There must be a caveat however. Someone had to have that recipe and the baking acumen to create it. I would not want other children denied that experience.

Uber said...

14 oz Caramels
⅓ c Evaporated milk
8 oz German sweet chocolate
6 tb Butter
4 ea Eggs
1 c Sugar
1 c Flour (sifted)
1 ts Baking powder
½ ts Salt
2 ts Vanilla
6 oz Chocolate chips

1. Preheat oven to 350. Grease and flour 9 x 13 baking pan. Combine caramels and evaporated milk in top of double boiler over low heat. Cover and simmer until caramels are melted, stirring occasionally. Set aside (keeping warm). 2. Combine German sweet chocolate and butter in 2 quart saucepan. Place over low heat (stirring occasionally) until melted. Remove from heat. Cool to room temperature. 3. Beat eggs until foamy using electric mixer (high speed). Gradually add sugar, beating until mixture is thick and lemon colored. 4. Sift together flour, baking powder and salt. Add to egg mixture mixing well. Blend in cooled chocolate mixture and vanilla. 5. Spread half of mixture into prepared baking pan. Bake for 6 minutes. Remove from oven and spread caramel mixture carefully over baked layer. Sprinkle with chocolate chips. 6. Spread batter by spoonfuls over the caramel layer. 7. Bake for 20 minutes. Cool in pan on rack. Refridgerate before cutting into bars or squares.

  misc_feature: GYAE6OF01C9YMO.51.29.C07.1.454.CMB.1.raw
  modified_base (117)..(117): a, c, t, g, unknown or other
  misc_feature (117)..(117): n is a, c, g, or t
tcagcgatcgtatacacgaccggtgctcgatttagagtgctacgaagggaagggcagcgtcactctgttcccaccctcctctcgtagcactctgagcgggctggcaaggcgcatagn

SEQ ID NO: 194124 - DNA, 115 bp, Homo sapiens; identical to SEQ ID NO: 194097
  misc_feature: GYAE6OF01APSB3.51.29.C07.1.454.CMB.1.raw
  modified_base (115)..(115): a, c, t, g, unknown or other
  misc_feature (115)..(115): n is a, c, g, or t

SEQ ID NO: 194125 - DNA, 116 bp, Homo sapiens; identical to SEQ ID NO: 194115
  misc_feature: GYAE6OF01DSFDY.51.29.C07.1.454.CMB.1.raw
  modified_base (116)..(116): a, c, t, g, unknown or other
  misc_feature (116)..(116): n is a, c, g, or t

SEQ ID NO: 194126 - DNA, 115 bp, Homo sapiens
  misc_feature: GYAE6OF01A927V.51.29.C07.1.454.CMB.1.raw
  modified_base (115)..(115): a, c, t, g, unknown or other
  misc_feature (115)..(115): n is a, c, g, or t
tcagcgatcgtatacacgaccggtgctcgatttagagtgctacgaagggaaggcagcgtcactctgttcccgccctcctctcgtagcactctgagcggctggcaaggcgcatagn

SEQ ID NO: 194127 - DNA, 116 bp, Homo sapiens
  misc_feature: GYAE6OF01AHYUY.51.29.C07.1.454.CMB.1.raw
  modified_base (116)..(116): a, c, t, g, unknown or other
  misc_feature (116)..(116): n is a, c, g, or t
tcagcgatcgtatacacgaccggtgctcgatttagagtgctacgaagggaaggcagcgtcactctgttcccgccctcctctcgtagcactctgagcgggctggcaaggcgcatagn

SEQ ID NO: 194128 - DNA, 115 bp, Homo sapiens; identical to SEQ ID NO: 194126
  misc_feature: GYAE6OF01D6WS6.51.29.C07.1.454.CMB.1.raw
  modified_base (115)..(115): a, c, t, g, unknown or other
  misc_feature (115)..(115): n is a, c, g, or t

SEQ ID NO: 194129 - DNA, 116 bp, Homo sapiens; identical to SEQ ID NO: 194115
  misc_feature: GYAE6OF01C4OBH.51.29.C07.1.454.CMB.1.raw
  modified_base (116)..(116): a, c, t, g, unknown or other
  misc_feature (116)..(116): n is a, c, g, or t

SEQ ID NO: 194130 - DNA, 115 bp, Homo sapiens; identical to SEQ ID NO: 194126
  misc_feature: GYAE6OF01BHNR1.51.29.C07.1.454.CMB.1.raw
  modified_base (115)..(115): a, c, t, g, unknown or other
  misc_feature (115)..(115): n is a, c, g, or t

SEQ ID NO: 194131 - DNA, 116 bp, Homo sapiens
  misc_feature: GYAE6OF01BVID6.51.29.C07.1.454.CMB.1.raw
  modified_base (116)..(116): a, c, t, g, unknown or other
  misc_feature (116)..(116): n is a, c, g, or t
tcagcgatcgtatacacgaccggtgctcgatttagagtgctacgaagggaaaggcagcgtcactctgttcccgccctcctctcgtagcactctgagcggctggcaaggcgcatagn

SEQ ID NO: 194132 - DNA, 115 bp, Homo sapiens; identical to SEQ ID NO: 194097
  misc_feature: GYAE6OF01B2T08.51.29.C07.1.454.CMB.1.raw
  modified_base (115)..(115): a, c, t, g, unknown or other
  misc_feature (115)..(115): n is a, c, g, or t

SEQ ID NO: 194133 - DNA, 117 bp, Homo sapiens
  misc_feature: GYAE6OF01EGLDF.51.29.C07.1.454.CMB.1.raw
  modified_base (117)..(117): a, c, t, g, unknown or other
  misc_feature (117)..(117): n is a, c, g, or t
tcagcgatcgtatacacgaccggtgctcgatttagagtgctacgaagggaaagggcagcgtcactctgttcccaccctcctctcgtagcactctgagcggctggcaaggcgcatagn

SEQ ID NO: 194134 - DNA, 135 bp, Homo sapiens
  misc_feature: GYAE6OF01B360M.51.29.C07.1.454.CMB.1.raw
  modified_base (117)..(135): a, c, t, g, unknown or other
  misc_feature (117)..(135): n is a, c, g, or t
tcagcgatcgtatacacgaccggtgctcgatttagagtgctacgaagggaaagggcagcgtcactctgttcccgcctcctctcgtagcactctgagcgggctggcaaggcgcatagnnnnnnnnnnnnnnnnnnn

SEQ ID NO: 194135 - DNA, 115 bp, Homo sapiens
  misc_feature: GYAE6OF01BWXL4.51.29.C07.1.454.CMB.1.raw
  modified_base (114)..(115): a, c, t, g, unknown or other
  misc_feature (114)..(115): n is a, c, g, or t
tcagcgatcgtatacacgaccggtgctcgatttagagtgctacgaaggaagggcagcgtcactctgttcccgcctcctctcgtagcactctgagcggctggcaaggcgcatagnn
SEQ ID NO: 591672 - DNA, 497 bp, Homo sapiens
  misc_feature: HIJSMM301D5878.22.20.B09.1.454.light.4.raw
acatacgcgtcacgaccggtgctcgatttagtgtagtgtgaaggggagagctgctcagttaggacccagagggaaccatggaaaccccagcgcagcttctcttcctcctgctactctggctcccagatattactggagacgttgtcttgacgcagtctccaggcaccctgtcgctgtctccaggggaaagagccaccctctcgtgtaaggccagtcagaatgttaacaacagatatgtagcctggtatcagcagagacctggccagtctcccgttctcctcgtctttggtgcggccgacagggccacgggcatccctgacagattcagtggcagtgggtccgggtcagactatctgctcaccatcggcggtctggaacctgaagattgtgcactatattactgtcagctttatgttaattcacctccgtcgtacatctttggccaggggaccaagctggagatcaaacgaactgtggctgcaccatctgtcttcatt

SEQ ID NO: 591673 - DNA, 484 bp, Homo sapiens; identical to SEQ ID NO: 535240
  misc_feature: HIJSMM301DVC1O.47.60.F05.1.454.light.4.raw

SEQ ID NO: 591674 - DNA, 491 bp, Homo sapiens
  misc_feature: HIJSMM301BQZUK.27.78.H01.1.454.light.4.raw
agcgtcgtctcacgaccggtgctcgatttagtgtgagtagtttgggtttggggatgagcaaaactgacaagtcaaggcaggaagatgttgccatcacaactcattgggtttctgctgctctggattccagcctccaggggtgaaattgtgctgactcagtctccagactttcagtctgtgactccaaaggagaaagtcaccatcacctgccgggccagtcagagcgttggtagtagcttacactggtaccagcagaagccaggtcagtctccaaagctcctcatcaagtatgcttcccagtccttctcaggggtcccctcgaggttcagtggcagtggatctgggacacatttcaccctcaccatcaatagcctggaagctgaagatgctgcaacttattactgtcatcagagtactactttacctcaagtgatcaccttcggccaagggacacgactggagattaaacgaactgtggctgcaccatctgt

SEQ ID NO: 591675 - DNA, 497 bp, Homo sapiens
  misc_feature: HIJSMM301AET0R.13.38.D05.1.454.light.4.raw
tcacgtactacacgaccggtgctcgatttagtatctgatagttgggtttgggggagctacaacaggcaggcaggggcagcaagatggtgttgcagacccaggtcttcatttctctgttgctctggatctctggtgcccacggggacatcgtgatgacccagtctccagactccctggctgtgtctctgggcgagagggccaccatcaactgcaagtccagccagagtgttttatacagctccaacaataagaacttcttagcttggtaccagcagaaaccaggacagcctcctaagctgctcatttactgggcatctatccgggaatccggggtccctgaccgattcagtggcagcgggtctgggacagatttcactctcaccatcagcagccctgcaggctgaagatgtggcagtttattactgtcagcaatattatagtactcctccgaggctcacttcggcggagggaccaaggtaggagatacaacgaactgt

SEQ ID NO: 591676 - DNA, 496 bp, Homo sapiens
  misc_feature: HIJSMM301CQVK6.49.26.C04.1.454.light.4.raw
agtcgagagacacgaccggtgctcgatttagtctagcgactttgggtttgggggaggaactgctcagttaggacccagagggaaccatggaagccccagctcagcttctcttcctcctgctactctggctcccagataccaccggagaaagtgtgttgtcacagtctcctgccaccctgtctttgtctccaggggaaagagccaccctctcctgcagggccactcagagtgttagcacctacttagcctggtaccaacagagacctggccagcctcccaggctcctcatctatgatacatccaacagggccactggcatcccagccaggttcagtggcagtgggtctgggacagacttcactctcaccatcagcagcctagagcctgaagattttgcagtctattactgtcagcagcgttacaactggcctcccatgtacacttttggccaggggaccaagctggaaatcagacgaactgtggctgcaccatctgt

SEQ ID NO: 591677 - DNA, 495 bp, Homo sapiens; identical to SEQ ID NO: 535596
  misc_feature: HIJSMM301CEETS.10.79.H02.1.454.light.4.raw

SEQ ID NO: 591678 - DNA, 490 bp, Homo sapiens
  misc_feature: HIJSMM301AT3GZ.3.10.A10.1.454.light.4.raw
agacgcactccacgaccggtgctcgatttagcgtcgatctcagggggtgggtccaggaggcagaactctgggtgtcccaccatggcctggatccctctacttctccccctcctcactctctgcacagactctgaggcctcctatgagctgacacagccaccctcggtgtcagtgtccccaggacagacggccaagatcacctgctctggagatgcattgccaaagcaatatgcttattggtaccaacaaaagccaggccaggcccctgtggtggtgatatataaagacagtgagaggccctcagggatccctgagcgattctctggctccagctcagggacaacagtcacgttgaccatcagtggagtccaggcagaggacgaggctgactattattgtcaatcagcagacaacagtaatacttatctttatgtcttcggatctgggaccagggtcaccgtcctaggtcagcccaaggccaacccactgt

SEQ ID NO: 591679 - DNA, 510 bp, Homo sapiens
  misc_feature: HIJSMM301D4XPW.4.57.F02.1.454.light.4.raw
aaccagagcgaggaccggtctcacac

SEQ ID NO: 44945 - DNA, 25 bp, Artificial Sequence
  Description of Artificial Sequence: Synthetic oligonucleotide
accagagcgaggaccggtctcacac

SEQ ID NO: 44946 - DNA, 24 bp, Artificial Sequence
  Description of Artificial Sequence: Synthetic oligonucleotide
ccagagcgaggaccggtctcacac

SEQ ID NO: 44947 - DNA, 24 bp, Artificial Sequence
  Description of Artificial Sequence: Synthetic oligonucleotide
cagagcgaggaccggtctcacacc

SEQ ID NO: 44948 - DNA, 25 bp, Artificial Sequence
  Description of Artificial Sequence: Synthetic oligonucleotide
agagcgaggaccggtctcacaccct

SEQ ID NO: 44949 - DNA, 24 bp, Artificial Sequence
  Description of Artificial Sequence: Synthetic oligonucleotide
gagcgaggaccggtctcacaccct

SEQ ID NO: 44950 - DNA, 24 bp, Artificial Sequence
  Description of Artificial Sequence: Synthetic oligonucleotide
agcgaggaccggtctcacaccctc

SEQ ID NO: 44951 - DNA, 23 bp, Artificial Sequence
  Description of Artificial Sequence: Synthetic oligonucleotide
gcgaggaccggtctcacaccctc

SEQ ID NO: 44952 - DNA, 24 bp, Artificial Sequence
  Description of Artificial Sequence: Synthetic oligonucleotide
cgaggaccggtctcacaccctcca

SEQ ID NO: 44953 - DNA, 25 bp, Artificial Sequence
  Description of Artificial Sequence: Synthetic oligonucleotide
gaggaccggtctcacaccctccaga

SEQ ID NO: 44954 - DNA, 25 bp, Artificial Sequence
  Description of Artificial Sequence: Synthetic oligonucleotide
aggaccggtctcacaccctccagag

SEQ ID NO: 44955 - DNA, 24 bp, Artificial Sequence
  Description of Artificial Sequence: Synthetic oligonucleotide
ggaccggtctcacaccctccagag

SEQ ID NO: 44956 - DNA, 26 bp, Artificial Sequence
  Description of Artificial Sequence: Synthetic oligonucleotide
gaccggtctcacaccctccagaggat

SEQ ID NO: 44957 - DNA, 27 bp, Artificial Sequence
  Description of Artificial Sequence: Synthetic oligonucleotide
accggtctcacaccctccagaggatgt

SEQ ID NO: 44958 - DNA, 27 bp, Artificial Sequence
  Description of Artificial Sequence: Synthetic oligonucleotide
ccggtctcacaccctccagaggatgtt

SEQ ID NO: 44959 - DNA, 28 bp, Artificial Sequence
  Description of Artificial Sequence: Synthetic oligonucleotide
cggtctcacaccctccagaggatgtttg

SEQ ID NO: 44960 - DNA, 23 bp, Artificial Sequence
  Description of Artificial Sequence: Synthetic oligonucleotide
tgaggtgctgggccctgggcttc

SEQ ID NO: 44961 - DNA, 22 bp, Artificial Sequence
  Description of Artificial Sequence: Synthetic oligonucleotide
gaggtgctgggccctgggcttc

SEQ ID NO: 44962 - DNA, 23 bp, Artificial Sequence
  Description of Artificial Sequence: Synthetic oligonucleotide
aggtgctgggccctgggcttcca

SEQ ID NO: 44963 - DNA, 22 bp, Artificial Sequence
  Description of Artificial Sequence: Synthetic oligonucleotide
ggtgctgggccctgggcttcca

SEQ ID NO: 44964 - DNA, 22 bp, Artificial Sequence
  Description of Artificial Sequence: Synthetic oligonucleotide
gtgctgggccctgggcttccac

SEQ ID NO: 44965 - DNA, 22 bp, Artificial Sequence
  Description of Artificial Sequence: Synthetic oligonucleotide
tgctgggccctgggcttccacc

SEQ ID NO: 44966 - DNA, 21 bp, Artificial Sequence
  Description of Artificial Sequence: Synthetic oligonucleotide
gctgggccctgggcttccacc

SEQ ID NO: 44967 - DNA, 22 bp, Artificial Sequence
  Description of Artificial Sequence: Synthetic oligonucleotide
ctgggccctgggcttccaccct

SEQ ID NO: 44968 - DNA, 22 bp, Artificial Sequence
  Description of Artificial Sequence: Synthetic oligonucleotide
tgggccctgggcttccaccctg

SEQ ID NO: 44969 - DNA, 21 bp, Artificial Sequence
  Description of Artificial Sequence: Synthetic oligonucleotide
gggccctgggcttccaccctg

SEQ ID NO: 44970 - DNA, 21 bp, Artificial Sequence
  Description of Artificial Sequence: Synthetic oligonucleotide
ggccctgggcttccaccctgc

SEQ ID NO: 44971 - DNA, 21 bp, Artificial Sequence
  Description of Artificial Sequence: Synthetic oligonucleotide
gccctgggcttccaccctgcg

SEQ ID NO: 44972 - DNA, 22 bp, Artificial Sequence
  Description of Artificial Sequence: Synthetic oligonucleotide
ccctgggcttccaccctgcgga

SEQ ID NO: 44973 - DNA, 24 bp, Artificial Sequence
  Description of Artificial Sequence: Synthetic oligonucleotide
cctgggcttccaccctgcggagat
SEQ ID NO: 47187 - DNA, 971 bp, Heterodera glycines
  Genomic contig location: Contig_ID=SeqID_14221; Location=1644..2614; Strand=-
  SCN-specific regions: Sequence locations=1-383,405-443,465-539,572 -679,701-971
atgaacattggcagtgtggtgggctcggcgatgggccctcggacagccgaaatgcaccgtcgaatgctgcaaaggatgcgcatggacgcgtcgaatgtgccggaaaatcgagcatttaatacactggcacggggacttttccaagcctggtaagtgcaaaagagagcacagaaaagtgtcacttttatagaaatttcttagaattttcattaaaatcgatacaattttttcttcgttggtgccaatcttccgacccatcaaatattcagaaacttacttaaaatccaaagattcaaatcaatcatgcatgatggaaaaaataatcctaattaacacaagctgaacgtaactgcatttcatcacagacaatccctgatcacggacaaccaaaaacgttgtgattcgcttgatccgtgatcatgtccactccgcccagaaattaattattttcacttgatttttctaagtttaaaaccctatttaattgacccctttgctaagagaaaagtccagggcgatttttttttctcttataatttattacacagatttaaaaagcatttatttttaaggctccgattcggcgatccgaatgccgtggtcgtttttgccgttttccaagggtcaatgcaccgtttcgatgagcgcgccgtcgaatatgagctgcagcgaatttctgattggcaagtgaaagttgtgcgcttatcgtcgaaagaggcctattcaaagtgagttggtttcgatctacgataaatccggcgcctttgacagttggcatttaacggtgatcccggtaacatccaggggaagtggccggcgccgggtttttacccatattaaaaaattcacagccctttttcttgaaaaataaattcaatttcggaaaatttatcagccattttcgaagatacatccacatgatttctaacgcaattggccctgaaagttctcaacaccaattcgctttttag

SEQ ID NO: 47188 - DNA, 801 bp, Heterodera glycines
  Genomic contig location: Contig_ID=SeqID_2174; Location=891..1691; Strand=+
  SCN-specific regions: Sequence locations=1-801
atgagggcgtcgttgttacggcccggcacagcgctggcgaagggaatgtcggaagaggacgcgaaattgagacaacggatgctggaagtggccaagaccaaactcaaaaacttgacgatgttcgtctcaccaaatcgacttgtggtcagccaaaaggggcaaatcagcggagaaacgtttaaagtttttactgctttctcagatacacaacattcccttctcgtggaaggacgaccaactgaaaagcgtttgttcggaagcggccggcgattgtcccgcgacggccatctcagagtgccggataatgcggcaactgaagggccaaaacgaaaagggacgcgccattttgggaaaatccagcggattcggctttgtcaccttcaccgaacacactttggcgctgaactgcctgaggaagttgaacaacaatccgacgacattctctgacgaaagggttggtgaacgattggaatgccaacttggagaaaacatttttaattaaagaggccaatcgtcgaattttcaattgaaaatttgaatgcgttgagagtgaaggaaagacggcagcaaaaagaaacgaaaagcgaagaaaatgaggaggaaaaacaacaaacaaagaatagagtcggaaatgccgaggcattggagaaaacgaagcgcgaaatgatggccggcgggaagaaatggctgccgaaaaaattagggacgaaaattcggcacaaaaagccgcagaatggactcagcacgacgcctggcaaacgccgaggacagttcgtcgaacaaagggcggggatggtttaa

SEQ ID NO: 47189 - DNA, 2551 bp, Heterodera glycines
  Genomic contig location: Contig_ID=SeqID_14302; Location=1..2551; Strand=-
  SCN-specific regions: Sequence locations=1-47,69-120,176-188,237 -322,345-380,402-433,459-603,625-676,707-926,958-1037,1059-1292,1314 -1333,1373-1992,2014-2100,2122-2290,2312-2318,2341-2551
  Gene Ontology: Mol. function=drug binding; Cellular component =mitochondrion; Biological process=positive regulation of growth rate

Tip- *Very* difficult to cut if not chilled first!

Uber said...

Geez, after reading the comments I'm thinkin maybe I should have just let that one remain a mystery. No idea men loved chocolate in the same...uh...way, we women do. No idea. lol

Insolublog said...

Too late now Uber. You have opened Pandora's box! Thanks for the recipe. I'm not sure it is the same species, but it looks delicious nonetheless.